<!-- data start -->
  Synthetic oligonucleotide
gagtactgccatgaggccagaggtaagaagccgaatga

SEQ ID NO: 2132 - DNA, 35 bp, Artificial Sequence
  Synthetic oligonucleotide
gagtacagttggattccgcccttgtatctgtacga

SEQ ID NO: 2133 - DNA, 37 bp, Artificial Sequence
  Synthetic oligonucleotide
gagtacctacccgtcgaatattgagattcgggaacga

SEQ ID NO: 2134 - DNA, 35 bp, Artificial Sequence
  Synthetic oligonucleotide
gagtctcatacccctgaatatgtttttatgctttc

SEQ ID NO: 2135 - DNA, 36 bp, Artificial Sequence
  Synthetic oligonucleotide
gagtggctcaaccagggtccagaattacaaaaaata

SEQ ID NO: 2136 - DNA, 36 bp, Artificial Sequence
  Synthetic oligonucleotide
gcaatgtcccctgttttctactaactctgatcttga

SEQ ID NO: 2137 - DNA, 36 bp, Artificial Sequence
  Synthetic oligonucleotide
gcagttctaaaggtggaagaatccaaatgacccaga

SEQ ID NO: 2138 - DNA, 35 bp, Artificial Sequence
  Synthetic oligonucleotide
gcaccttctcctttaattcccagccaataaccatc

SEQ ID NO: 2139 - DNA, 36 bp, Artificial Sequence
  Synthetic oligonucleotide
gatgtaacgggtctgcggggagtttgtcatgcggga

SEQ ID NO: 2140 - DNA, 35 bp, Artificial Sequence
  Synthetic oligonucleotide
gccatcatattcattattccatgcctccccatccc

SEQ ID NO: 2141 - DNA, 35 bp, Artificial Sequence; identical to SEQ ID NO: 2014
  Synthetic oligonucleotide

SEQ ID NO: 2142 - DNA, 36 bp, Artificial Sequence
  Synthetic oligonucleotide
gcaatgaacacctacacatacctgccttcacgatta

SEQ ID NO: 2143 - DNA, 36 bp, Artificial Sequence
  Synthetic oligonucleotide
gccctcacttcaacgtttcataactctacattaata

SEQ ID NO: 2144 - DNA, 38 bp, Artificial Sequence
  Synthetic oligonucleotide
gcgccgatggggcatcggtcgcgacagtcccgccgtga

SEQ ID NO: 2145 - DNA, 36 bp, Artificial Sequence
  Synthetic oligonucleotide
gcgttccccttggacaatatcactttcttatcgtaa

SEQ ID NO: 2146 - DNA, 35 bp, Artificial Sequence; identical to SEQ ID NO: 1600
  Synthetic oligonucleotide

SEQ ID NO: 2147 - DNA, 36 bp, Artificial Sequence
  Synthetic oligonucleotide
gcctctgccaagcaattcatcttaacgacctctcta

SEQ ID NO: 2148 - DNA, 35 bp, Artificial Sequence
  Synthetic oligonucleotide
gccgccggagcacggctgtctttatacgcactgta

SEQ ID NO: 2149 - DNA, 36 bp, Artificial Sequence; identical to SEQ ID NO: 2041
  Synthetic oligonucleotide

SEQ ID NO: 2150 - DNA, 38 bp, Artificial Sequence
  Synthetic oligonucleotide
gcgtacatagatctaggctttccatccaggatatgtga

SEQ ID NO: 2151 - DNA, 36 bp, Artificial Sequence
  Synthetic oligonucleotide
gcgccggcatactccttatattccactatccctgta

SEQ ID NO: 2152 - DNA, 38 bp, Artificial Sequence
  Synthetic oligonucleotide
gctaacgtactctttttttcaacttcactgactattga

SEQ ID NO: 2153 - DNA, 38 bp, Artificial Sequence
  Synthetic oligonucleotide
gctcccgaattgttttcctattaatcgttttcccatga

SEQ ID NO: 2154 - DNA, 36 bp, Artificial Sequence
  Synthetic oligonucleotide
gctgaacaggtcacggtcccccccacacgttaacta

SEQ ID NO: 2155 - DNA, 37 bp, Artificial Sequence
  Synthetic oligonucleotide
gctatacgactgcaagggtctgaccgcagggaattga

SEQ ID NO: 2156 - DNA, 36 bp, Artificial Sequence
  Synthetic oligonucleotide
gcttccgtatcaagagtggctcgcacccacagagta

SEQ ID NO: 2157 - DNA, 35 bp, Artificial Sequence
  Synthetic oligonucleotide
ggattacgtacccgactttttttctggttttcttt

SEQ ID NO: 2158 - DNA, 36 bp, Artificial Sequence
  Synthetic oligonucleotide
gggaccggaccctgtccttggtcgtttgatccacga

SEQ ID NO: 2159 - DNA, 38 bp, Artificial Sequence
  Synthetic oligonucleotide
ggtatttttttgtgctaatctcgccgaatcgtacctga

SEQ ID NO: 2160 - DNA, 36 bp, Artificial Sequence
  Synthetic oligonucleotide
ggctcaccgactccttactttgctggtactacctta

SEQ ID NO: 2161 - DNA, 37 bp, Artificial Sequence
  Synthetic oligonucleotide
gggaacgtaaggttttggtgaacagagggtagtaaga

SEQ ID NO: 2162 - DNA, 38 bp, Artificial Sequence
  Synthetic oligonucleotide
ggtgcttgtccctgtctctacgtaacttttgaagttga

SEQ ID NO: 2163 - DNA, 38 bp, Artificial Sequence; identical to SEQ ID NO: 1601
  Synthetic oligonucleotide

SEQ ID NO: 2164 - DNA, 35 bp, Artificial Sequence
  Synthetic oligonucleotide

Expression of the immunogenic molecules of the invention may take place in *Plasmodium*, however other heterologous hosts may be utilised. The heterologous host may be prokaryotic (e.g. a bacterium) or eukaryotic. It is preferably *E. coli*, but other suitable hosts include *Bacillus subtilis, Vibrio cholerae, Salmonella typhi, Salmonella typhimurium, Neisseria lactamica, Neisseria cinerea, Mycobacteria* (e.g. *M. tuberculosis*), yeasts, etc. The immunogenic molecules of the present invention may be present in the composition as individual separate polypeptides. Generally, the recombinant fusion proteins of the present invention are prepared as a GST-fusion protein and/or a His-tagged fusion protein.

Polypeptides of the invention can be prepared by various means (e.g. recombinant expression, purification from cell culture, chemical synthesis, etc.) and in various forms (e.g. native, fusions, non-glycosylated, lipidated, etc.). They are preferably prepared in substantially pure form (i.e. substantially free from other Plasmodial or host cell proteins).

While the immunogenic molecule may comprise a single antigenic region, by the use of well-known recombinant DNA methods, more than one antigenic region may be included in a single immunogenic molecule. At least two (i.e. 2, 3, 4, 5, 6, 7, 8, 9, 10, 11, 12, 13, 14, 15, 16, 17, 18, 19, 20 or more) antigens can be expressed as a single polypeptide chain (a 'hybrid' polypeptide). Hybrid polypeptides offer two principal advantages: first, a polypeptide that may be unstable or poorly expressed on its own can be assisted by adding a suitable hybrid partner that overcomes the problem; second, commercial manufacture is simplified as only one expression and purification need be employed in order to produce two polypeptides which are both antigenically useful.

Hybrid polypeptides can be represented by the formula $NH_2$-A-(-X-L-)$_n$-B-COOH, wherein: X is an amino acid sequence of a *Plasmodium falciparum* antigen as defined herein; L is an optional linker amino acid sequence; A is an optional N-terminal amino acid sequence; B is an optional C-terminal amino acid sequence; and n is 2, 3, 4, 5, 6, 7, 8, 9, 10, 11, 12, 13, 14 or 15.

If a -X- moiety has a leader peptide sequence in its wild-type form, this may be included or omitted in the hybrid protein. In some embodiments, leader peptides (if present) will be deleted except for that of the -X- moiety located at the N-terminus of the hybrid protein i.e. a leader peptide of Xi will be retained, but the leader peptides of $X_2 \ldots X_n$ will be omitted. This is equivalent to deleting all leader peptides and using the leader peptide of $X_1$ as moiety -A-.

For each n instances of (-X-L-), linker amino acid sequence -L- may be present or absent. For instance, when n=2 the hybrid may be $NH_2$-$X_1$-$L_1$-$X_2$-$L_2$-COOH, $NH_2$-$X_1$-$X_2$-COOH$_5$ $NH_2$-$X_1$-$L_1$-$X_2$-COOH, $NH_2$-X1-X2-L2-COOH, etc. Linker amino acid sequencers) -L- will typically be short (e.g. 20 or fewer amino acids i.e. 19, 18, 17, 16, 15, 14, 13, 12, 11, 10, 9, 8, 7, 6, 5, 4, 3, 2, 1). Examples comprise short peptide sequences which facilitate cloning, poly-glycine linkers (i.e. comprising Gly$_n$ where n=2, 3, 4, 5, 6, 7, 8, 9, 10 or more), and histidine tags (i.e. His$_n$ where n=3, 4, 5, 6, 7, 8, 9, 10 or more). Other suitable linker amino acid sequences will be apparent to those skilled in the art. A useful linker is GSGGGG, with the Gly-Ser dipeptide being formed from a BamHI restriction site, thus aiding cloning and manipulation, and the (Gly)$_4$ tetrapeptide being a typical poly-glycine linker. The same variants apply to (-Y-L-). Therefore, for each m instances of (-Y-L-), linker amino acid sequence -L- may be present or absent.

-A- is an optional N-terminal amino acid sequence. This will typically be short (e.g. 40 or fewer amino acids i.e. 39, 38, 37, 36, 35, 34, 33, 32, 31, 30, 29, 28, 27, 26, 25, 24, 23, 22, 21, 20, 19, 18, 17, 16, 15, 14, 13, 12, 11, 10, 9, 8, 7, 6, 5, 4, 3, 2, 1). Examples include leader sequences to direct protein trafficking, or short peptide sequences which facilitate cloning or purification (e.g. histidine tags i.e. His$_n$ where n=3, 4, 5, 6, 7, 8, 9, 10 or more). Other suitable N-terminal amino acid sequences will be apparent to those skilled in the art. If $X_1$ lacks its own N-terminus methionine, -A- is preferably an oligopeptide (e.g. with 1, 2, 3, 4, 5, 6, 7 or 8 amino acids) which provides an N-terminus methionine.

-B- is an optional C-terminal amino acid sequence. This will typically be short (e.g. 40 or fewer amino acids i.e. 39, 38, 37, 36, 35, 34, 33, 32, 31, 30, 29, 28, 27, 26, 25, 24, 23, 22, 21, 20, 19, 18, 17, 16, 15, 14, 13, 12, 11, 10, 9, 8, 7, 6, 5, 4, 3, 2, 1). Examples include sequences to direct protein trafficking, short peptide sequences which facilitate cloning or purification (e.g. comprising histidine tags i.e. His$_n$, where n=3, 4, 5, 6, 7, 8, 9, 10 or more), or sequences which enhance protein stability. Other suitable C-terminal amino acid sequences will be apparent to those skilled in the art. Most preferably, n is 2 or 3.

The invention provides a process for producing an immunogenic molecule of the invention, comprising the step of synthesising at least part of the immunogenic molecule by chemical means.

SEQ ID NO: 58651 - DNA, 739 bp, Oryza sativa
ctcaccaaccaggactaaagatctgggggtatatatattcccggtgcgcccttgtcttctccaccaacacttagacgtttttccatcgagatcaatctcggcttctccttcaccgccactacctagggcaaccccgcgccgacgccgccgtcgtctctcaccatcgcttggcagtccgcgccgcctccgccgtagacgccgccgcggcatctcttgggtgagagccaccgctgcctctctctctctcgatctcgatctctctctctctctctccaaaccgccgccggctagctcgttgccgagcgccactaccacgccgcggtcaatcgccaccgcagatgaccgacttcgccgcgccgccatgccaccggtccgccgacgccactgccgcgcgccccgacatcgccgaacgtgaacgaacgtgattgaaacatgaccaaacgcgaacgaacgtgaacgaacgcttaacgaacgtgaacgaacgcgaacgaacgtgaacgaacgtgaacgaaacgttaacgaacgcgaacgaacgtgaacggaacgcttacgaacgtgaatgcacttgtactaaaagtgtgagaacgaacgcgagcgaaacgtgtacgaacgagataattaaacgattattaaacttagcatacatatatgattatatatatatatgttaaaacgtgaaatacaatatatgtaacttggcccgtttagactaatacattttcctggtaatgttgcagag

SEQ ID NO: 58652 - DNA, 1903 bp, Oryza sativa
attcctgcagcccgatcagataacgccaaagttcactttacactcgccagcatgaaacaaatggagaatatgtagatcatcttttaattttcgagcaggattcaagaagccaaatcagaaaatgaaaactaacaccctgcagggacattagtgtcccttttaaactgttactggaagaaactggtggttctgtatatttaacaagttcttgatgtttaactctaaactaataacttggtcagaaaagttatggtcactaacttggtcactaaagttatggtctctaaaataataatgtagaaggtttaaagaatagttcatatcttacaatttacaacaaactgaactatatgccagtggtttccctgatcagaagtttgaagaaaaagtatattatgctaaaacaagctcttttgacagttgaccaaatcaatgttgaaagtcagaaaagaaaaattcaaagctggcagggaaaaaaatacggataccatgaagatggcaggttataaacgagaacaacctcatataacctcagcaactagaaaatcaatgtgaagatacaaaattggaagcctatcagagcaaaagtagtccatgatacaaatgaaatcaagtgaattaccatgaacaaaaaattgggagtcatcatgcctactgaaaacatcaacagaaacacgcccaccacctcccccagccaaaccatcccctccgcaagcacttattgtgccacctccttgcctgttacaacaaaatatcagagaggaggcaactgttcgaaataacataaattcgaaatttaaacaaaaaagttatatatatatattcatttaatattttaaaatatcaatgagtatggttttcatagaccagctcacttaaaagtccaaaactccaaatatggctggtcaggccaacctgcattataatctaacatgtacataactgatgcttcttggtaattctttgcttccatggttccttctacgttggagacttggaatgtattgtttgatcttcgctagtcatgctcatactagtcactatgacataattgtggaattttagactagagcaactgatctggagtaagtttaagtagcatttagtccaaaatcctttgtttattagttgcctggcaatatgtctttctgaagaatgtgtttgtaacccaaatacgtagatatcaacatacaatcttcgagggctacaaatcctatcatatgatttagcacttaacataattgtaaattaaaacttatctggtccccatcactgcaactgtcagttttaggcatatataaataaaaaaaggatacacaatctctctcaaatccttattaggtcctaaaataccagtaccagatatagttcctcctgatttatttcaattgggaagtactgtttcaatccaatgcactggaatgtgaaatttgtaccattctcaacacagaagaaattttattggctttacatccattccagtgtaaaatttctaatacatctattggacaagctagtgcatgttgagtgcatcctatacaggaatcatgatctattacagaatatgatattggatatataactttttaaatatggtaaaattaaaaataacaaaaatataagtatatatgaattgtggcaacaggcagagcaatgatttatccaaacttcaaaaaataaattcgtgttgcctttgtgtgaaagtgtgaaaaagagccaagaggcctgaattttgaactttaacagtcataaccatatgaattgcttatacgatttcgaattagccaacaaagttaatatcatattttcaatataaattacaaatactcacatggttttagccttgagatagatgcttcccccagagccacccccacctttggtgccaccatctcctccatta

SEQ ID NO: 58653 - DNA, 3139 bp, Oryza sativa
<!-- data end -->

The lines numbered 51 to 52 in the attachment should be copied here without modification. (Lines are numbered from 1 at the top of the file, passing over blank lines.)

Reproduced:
gccgccggagcacggctgtctttatacgcactgta

SEQ ID NO: 2149 - DNA, 36 bp, Artificial Sequence; identical to SEQ ID NO: 2041